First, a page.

The most important issue on the November 6 ballot for Old Mission Peninsula residents doesn’t involve Democrats or Republicans. It is our local Traverse City Area Public Schools (TCAPS) school board election. Whether you have children, grandchildren, or no children attending our public schools, good schools are at the heart of every good community.
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Many districts in our region have school board elections this fall. In most, three people are running to fill three seats. TCAPS is in the extremely unusual situation of having ten people running for five seats. We are truly at a critical juncture in the life of our district. With our vote, we can completely change the trajectory of a system that has not exactly been soaring the past few years.
Trust Broken With OMPS Closure
There are three areas of concern that I have noted. The first is in the area of community relations. We have talked with many people on the Old Mission Peninsula who stated that they weren’t as upset with the school out here being closed as they were with the way that Old Mission people were treated during the process. Trust has been broken.
Lack of transparency and respect was shown by district leadership. This was echoed by people in the Interlochen community and by parents involved in other program cuts within the district. The current board has not shown any interest in addressing this type of leadership behavior.
Questionable TCAPS Math
The second area of concern is fiscal management. The current board is “proud” of balancing the budget, and views that as a major accomplishment (even though it is a requirement of state law). I still don’t understand the math of losing more than 140 Old Mission students to our new charter school (along with the corresponding state aid of $7,871 per child, or $1.1 million total) to save $400,000 in annual operating costs.
Or how you call a budget “balanced” when you are spending $1.2 million more than you’re taking in and making up the difference by transferring dollars from your savings account.
As OMP resident Brad Lyman said in his Sept. 12, 2018 letter to the editor of the Traverse City Record-Eagle, “One wonders about the ethics and legality of TCAPS decision to place the $1.1 million proceeds from the sale of the Old Mission Peninsula School (renovated with capital bonds) on the operational side of the TCAPS 2017-18 budget … Selling assets to fund operating expenses does not produce a structurally balanced budget.”
Student Achievement – We Can Do Better
The third and most critical area of concern is student achievement. TCAPS scores a little above average as compared to other Michigan districts. As a state, Michigan scores 46th out of the 50 states. Other districts getting similar funding per student, such as Kingsley and Elk Rapids, are scoring higher than TCAPS on key measures.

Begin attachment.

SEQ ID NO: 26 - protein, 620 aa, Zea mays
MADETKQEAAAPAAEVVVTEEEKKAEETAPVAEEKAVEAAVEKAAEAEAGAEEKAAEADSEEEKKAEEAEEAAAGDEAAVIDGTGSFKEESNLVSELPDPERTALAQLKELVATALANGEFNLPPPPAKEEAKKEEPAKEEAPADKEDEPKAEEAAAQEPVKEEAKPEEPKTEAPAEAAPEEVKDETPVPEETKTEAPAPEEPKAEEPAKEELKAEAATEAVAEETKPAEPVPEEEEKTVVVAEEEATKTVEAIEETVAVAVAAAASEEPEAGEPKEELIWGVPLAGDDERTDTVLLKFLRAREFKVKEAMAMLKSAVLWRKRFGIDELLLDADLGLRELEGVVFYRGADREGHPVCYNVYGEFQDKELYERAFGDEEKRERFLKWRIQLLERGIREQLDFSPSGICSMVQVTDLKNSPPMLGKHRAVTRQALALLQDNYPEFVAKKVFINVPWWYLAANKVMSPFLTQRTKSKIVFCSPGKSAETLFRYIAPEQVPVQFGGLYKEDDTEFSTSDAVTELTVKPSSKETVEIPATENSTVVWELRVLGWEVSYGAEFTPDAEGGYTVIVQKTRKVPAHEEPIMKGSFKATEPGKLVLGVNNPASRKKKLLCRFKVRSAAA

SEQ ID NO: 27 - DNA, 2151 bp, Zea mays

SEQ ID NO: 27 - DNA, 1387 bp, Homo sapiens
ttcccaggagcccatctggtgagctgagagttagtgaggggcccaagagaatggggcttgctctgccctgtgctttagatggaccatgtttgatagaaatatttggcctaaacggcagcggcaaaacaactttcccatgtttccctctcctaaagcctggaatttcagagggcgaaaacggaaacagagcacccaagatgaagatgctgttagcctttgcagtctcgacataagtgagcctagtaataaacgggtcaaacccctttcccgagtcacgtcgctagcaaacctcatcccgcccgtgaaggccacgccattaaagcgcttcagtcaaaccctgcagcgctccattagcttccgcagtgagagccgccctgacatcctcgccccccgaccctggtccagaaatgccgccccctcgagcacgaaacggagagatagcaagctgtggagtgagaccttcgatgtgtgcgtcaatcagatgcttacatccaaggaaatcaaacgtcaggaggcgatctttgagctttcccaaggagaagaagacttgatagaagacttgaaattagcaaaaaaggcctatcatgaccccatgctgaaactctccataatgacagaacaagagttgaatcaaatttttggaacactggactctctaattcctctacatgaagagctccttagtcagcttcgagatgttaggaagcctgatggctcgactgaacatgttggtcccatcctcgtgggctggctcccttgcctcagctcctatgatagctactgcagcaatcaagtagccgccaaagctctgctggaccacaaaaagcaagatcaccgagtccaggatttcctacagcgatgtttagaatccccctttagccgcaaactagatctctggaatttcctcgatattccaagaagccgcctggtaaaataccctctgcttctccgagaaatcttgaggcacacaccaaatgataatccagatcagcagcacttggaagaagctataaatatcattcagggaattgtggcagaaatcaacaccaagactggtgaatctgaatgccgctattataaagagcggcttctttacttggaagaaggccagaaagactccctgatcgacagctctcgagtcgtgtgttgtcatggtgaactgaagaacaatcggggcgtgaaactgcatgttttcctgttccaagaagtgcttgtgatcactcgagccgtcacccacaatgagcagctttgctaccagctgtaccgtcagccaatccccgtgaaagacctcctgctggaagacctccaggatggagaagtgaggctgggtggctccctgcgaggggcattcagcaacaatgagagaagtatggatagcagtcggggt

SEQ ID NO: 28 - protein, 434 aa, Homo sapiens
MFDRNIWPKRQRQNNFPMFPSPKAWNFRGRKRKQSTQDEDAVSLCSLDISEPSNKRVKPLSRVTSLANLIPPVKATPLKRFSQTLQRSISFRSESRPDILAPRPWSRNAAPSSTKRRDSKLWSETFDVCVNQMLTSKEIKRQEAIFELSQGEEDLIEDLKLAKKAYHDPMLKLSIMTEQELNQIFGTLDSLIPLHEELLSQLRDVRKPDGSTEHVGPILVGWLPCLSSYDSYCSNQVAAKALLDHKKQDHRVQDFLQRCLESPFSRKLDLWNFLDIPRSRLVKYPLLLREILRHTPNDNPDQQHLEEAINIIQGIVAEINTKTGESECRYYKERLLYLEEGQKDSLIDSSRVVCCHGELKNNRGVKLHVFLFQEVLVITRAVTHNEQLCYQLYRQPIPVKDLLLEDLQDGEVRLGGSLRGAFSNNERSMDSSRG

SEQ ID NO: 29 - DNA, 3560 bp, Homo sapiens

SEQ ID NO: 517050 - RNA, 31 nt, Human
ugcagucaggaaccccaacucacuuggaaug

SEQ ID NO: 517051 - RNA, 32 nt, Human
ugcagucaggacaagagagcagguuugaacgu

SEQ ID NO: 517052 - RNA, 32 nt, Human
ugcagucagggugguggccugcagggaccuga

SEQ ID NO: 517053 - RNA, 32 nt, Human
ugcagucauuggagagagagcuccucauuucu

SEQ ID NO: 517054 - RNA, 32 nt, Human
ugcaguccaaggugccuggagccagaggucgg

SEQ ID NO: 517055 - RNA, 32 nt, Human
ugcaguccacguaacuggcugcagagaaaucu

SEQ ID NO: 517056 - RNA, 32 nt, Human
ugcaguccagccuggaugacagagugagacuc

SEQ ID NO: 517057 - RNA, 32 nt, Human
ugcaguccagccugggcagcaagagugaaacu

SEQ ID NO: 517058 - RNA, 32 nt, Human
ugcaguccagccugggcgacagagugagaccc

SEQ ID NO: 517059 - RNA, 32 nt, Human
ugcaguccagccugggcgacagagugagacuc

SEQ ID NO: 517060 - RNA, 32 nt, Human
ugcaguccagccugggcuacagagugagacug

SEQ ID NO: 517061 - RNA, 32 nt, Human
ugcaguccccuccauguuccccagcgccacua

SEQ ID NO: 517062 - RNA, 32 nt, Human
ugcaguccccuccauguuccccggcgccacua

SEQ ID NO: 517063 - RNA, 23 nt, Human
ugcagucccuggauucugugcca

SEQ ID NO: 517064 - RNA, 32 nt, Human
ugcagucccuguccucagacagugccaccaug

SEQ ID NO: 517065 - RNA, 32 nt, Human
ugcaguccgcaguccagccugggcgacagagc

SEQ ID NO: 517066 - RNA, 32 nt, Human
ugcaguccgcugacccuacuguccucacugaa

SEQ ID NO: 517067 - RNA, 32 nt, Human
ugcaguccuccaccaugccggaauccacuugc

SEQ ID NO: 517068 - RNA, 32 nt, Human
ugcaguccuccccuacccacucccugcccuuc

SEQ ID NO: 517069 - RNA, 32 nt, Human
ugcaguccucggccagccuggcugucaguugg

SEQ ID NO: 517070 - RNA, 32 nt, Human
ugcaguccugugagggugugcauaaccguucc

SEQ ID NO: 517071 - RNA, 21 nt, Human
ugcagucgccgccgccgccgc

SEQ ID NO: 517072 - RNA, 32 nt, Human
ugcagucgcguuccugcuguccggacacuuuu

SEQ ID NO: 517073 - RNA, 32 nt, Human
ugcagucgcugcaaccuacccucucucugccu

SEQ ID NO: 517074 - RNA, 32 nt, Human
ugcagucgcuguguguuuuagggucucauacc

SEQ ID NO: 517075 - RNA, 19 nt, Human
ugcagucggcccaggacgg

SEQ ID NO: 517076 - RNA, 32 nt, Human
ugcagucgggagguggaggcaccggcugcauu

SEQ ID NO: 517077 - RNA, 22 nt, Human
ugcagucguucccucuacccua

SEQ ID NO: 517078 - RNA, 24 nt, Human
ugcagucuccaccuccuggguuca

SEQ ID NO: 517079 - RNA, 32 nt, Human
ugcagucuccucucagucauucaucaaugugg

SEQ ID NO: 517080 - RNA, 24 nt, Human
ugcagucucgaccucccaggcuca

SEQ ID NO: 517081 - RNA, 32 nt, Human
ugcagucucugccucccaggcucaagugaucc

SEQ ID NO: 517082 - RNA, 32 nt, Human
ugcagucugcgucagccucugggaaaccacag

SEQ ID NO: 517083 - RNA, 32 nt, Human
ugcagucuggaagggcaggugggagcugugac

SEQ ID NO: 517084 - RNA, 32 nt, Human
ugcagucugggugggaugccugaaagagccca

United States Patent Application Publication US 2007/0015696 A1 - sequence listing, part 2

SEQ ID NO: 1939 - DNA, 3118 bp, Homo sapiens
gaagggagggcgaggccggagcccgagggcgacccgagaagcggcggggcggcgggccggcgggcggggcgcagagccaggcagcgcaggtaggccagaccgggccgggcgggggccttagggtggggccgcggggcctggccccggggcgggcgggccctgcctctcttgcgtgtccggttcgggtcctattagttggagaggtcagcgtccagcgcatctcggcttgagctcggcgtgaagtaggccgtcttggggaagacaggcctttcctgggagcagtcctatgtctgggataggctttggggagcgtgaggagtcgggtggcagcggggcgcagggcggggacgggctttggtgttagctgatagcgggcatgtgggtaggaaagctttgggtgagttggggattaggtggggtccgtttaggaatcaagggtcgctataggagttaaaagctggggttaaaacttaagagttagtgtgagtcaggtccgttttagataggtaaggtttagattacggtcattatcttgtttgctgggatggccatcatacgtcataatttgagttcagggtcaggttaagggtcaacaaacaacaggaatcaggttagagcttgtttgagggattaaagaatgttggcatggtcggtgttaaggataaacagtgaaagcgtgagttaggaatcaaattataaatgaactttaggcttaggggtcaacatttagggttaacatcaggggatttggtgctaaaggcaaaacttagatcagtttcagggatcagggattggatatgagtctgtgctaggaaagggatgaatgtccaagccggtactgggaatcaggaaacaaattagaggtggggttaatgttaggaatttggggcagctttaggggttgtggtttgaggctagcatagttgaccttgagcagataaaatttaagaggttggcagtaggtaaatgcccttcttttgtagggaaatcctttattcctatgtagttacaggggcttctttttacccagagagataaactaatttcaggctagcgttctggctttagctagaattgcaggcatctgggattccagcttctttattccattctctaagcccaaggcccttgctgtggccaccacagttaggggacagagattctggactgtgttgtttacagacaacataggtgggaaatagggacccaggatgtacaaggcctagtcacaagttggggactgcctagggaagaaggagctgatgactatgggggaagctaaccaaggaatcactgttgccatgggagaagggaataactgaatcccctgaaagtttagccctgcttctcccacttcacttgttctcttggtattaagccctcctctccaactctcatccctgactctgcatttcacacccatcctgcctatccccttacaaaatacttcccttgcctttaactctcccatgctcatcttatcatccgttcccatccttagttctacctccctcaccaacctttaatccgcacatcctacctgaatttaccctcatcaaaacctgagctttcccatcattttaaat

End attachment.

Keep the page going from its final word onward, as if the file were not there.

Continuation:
Is this all we want for our children? Our athletic teams aspire to win state championships. Why don’t we have this aspiration in the area of academics?
No Strategic Plan
During the 2017-18 school year, the TCAPS board did not have a single in-depth conversation about student achievement levels – where are we, where have we been, where do we want to be, and how are we going to get there? There is no strategic plan that clearly outlines how the district will improve.
And the board is content with a superintendent who has no teaching experience, no experience as a principal, and who has lost the confidence of his building principals. How can that leadership move us forward academically?
Our current path will not get us anywhere. Leadership starts at the top of any organization. It is time for radical, positive change at the board level.
Team5TCAPS – TCAPS Moms for Positive Change
Two Old Mission Peninsula women, Rhonda Busch and Patricia Henkel, have decided to lead that charge for positive change by following a model that worked successfully at our Peninsula Township level – they are running as part of a five-person team. The other three members of the team are Cathy Meyer-Looze, Erica Moon Mohr, and Deyar Jamil.
Each member of the team is well-educated with strong professional experience. More importantly, all five are moms of TCAPS students, and all five are committed to getting TCAPS on the right trajectory.
Shared Values, Independent Thinkers
“With ten people on the ballot, having five people with a similar vision should give voters a clear choice,” said Patricia Henkel. “The education of our children is too important to have a fragmented and unfocused school board. It takes a board majority to enact any meaningful change.”
Rhonda Busch said, “We decided we shared five key values: focusing on teaching and learning, fiscal responsibility, honesty and transparency, parent and community engagement, and having strong, safe neighborhood schools. We are all independent thinkers who will ask the right questions and try to think strategically about our district’s future.”
The group is referring to themselves as “Team5TCAPS.” However, voters must vote for each candidate individually, and will find Rhonda Busch, Patricia Henkel, Cathy Meyer-Looze and Erica Moon Mohr on the ballot for the 4-year board seats and Deyar Jamil on the ballot for the 2-year seat.
More information about each candidate and their “platform” can be found on their website, Team5TCAPS.com. Please study the candidates and the issues before you vote on November 6. Our kids are depending on you.